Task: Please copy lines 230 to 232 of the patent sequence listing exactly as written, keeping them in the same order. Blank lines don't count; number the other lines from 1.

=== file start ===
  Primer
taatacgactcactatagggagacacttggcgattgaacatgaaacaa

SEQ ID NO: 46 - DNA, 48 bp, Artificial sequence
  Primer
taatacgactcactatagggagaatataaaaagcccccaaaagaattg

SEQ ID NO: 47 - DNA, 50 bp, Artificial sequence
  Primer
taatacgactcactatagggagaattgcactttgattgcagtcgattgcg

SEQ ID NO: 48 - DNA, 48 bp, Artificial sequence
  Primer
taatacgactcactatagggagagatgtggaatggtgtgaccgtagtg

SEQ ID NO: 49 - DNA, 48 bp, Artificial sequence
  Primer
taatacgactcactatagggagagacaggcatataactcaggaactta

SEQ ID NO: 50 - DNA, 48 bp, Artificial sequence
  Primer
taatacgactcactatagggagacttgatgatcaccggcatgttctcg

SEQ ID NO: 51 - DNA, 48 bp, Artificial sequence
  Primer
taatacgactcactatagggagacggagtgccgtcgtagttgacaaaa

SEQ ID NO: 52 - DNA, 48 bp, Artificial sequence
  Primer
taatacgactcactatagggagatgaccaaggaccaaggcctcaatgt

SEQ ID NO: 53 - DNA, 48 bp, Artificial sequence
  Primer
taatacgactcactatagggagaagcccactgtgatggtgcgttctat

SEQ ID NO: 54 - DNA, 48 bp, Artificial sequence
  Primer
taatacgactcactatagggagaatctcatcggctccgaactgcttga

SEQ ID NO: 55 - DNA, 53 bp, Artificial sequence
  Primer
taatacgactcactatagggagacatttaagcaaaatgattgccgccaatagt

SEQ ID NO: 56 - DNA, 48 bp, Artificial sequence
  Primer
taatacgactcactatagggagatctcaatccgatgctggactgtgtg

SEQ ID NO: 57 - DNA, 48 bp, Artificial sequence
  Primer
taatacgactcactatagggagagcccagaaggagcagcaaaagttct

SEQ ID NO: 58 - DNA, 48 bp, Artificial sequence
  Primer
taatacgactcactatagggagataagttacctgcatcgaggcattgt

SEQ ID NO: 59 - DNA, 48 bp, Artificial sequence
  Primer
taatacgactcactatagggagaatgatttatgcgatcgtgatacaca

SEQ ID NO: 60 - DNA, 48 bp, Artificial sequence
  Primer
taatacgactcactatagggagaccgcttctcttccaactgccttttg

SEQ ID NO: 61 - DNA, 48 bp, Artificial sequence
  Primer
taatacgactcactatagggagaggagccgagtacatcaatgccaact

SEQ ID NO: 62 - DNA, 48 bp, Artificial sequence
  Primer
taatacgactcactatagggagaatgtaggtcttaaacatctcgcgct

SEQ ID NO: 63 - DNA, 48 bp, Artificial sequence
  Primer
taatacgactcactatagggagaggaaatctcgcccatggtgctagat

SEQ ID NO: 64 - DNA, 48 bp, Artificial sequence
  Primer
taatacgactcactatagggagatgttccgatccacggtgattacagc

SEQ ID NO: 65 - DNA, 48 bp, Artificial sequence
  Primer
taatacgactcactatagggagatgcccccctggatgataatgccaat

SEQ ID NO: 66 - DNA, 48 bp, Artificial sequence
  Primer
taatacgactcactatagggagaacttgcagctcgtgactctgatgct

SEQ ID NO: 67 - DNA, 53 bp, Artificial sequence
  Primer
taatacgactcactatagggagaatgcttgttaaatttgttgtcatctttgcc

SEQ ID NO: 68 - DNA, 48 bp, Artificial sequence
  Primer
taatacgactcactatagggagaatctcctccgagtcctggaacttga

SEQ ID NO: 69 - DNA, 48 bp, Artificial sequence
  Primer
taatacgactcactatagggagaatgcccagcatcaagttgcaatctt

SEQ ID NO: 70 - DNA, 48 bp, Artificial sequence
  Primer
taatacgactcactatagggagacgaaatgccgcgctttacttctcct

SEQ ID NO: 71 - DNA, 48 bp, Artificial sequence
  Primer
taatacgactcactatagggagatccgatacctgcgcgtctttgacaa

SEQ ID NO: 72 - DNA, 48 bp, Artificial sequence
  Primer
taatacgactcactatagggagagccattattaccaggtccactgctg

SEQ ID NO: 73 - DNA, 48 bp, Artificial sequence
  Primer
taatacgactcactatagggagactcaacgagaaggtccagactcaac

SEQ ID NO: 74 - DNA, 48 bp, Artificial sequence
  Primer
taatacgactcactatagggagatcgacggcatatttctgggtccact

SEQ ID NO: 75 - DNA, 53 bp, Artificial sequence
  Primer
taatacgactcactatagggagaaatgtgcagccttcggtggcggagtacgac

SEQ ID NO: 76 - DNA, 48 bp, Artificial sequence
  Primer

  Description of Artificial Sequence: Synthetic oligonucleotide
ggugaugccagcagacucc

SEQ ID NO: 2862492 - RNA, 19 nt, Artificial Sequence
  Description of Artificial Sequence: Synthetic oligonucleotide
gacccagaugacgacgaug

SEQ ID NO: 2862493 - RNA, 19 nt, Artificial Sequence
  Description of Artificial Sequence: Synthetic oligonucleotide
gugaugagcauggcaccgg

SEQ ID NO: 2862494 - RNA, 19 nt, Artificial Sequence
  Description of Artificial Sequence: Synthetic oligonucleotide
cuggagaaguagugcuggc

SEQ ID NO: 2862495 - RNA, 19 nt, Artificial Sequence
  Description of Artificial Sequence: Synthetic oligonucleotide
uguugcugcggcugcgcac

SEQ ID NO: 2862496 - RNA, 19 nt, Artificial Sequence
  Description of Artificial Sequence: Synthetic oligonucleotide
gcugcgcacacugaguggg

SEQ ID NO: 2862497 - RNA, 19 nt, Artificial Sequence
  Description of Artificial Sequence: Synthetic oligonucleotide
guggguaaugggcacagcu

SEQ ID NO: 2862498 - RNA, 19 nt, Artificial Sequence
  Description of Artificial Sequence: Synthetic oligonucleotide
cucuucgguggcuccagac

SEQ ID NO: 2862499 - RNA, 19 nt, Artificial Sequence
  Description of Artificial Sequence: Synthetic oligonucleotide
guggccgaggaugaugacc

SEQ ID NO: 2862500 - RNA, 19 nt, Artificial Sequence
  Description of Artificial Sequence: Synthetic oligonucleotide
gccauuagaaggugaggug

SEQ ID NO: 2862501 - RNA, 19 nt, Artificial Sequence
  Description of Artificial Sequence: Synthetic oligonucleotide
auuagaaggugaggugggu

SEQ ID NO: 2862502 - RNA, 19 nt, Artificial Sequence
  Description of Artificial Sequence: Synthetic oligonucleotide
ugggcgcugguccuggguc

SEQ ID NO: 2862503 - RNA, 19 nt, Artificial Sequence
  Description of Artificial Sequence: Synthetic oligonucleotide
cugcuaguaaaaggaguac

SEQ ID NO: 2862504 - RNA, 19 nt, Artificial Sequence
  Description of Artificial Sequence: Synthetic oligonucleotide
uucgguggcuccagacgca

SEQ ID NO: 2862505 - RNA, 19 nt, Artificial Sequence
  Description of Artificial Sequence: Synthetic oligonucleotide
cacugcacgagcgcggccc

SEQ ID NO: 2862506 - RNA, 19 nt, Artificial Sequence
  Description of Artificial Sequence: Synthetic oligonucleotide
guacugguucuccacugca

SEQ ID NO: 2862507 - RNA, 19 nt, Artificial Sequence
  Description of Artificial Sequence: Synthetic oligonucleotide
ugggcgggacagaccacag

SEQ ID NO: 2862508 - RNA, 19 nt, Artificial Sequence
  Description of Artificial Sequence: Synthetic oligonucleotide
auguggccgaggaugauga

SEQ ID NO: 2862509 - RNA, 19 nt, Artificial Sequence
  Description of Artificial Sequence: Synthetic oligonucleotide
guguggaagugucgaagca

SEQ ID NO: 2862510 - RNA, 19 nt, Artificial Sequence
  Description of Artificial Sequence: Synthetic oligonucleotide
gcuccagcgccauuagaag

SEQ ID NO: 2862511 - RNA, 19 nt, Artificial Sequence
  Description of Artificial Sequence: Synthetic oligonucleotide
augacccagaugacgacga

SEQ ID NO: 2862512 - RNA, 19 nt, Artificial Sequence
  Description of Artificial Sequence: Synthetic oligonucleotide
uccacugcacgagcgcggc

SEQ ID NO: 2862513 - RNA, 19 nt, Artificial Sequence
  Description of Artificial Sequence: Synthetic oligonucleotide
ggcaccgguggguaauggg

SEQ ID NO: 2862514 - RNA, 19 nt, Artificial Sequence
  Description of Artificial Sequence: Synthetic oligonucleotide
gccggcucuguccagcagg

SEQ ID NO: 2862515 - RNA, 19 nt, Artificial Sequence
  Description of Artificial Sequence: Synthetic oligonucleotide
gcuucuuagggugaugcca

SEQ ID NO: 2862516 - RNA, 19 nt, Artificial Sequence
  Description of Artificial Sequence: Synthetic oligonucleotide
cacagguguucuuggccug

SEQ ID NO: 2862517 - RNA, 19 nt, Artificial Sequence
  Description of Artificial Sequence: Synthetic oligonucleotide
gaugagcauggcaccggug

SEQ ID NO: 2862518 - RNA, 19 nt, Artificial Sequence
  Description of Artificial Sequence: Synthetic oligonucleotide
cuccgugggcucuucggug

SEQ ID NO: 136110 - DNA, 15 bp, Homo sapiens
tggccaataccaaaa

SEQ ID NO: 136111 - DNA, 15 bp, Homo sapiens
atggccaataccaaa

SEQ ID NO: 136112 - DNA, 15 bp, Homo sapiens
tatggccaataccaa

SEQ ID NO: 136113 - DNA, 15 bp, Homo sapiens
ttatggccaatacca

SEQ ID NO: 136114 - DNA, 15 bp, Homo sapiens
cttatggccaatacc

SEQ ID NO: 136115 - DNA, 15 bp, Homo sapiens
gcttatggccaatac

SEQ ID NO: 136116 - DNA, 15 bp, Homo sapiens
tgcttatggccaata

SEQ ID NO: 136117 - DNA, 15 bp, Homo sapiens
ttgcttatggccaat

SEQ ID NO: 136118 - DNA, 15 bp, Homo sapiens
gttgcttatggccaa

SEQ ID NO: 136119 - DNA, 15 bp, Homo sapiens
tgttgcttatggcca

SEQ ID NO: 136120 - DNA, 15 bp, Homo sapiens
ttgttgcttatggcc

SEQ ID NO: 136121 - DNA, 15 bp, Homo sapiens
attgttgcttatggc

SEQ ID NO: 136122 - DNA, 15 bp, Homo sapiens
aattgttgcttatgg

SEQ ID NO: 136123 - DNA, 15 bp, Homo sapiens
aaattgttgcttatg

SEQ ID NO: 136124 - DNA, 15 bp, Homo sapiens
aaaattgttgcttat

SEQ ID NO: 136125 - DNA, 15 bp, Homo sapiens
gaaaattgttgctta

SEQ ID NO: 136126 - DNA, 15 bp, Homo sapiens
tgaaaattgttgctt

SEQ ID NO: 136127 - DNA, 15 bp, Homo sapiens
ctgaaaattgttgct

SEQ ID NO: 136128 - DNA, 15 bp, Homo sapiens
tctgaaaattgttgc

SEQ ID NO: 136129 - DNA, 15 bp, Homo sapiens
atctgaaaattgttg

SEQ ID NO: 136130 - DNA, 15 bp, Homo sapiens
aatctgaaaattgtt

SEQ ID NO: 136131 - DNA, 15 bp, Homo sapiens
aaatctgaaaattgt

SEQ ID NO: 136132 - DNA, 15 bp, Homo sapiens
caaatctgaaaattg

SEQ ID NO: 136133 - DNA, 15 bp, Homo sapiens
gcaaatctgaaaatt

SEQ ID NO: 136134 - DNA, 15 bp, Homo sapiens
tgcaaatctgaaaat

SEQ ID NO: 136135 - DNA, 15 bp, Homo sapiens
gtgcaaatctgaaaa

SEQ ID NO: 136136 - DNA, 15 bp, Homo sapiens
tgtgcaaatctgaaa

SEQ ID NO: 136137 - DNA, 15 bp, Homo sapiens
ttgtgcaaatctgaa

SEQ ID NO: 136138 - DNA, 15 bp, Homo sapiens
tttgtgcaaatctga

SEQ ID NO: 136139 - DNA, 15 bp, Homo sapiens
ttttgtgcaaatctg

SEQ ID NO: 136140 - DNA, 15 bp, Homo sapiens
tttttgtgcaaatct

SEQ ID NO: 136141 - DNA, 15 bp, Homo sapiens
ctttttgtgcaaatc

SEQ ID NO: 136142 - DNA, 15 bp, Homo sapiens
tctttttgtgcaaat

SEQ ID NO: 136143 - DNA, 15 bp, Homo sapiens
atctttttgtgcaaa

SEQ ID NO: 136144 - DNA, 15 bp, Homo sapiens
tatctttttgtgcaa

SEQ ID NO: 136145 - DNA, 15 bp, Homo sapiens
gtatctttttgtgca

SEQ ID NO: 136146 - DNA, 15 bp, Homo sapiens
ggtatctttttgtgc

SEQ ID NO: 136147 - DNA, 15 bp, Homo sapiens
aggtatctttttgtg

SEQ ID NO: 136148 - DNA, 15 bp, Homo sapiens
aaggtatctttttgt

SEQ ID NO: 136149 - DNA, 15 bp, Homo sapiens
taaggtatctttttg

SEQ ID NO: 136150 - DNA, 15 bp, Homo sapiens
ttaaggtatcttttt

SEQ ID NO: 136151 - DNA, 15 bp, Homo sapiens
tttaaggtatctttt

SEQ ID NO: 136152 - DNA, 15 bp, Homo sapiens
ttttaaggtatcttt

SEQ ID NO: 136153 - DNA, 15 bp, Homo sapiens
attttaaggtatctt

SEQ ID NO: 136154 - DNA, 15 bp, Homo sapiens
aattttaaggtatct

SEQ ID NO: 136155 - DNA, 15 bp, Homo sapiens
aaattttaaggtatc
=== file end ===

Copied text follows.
SEQ ID NO: 136136 - DNA, 15 bp, Homo sapiens
tgtgcaaatctgaaa

SEQ ID NO: 136137 - DNA, 15 bp, Homo sapiens